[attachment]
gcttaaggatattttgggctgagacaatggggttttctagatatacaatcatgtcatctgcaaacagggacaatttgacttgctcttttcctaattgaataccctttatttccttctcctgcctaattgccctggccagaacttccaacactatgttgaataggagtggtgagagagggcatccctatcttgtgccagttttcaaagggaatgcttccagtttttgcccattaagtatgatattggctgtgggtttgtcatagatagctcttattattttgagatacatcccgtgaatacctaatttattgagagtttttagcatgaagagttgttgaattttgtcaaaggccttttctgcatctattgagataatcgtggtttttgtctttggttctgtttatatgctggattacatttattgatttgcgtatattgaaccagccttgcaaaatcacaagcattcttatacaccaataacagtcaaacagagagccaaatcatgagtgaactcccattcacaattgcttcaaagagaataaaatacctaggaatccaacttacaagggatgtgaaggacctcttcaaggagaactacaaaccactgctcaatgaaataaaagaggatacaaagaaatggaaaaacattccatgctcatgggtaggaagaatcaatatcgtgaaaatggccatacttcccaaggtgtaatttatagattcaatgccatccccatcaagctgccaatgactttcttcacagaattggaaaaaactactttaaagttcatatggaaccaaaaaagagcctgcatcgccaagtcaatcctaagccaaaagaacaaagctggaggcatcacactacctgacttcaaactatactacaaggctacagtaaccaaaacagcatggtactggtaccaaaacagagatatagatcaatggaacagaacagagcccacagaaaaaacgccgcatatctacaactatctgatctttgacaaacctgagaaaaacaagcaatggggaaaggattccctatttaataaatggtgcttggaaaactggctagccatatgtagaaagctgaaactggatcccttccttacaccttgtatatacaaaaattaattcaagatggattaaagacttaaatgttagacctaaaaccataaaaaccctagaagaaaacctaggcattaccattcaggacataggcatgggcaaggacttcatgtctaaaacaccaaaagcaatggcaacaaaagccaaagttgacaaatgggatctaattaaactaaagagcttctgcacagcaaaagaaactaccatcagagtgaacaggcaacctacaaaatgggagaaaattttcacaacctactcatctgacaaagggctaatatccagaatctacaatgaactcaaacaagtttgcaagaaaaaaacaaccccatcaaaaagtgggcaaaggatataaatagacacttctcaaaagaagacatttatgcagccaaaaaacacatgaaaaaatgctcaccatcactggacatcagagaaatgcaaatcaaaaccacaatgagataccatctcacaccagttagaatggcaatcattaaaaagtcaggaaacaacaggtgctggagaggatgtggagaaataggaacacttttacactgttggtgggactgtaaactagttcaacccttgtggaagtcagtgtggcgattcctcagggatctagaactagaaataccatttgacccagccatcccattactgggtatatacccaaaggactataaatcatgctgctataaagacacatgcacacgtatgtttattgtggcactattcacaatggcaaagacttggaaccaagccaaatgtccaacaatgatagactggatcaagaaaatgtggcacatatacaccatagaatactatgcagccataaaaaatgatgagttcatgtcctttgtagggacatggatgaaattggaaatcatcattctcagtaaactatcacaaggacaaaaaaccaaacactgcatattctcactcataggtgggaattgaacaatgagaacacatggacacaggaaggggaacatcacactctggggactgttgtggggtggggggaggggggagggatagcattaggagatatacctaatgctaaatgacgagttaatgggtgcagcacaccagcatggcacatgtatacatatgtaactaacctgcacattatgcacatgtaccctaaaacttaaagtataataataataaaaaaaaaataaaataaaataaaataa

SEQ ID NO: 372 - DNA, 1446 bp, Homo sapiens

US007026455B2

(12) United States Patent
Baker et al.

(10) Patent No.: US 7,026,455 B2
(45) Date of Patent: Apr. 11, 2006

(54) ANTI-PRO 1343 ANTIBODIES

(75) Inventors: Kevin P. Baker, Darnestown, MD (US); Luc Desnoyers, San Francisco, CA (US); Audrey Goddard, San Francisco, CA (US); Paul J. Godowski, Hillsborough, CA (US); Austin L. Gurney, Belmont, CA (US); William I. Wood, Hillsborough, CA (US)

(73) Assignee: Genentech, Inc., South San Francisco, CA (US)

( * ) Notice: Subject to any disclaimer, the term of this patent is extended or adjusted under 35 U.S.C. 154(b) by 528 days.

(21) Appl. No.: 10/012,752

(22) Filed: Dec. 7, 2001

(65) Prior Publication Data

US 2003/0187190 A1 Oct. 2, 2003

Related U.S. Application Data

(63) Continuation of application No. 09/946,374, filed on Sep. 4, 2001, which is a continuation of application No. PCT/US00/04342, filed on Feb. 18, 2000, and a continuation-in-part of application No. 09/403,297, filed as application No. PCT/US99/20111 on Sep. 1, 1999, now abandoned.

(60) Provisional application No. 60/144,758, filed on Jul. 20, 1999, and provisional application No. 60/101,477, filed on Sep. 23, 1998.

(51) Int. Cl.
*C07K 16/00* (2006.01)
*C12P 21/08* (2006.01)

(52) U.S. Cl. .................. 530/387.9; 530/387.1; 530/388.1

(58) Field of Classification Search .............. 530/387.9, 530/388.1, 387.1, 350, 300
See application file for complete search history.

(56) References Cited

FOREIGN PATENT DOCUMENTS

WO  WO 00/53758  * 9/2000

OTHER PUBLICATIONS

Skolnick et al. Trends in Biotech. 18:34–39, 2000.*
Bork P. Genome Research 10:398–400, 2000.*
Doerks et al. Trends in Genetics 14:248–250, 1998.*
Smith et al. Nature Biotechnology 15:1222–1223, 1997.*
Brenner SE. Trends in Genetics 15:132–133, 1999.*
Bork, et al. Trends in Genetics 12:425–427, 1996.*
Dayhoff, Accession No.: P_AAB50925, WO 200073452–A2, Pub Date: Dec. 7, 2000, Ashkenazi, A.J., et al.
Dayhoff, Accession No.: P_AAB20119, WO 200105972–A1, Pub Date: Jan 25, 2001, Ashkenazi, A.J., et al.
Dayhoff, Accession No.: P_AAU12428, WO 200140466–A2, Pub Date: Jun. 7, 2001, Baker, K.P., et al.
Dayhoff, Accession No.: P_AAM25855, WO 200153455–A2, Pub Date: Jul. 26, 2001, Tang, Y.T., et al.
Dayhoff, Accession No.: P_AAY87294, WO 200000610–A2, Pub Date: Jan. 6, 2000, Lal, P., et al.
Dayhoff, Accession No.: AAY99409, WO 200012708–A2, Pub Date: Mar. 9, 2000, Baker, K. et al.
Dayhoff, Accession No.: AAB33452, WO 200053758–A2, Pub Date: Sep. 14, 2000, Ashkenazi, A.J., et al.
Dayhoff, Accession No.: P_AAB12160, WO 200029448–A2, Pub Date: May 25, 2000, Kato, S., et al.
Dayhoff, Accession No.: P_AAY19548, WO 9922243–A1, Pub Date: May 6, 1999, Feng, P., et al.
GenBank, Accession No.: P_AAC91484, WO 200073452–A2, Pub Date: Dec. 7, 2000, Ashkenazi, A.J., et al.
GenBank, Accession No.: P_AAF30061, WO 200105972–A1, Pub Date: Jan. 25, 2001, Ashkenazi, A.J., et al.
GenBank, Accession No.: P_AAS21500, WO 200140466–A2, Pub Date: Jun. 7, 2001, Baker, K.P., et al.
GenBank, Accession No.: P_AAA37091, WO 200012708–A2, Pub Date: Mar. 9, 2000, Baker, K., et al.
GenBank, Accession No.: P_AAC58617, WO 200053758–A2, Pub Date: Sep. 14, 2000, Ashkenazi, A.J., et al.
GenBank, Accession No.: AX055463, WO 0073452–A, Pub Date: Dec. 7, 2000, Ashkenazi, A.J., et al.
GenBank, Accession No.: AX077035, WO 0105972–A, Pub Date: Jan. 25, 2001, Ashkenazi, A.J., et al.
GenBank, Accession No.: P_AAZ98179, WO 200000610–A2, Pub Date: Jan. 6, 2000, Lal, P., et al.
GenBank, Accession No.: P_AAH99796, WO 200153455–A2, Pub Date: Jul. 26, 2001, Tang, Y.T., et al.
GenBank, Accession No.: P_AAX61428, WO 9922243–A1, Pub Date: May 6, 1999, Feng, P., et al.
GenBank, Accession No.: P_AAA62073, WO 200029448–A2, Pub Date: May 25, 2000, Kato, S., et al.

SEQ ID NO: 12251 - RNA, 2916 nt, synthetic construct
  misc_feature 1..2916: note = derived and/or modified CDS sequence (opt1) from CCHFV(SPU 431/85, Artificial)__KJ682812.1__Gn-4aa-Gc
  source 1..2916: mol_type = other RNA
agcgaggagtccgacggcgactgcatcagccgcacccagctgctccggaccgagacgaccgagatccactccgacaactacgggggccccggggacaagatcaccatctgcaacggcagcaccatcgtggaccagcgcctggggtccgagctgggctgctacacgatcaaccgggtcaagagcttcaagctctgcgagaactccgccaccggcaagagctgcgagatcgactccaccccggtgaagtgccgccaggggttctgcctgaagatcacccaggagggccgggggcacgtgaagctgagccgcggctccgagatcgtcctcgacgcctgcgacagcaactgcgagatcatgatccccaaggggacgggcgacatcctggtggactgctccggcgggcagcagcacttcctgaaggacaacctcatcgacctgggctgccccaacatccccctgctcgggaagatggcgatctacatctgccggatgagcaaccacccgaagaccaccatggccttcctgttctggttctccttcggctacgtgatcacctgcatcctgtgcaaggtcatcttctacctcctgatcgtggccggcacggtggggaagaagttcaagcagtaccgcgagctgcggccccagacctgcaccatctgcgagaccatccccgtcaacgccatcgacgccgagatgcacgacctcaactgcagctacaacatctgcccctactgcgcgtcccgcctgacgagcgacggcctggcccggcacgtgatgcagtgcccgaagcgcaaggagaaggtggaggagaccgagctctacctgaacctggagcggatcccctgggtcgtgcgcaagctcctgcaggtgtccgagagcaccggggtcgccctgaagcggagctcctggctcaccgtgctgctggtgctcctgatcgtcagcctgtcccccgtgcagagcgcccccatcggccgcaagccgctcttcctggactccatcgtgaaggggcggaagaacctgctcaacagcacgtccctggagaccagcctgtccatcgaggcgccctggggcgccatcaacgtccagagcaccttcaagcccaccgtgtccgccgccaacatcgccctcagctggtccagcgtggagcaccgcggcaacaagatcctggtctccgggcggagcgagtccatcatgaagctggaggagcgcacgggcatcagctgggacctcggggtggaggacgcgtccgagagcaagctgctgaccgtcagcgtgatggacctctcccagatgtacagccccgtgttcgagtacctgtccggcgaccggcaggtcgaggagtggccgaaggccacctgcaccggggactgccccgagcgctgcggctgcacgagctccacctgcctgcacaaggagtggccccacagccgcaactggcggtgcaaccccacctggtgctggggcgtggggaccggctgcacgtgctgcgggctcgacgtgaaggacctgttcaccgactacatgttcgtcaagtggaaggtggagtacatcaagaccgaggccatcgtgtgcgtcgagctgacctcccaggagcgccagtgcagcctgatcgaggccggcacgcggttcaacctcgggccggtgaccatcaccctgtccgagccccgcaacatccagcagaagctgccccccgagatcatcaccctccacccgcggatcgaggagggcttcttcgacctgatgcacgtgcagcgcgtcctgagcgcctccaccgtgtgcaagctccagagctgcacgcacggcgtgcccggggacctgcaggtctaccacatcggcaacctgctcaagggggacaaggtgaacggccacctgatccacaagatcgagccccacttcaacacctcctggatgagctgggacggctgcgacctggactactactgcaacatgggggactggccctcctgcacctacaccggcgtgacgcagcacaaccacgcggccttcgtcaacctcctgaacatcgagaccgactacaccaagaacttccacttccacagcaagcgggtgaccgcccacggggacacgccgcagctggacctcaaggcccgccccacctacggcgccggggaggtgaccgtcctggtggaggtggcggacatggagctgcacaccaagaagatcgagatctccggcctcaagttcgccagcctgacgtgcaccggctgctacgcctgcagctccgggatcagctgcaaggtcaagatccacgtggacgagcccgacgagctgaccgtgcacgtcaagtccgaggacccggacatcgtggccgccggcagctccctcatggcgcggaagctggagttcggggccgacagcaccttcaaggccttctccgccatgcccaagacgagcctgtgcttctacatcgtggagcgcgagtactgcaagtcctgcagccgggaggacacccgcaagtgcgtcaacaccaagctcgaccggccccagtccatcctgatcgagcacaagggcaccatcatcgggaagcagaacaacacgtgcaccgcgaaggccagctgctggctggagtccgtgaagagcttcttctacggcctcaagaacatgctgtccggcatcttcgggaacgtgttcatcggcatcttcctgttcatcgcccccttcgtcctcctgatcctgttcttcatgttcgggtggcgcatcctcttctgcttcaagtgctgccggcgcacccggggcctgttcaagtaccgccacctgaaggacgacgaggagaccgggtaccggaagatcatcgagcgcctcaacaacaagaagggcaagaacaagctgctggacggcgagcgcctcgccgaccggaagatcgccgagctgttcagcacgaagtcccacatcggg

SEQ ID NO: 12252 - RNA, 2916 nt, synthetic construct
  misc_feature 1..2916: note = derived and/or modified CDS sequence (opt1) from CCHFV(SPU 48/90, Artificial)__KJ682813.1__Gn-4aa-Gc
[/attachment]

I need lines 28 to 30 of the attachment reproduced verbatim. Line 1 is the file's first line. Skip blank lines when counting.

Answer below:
OTHER PUBLICATIONS

Skolnick et al. Trends in Biotech. 18:34–39, 2000.*
Bork P. Genome Research 10:398–400, 2000.*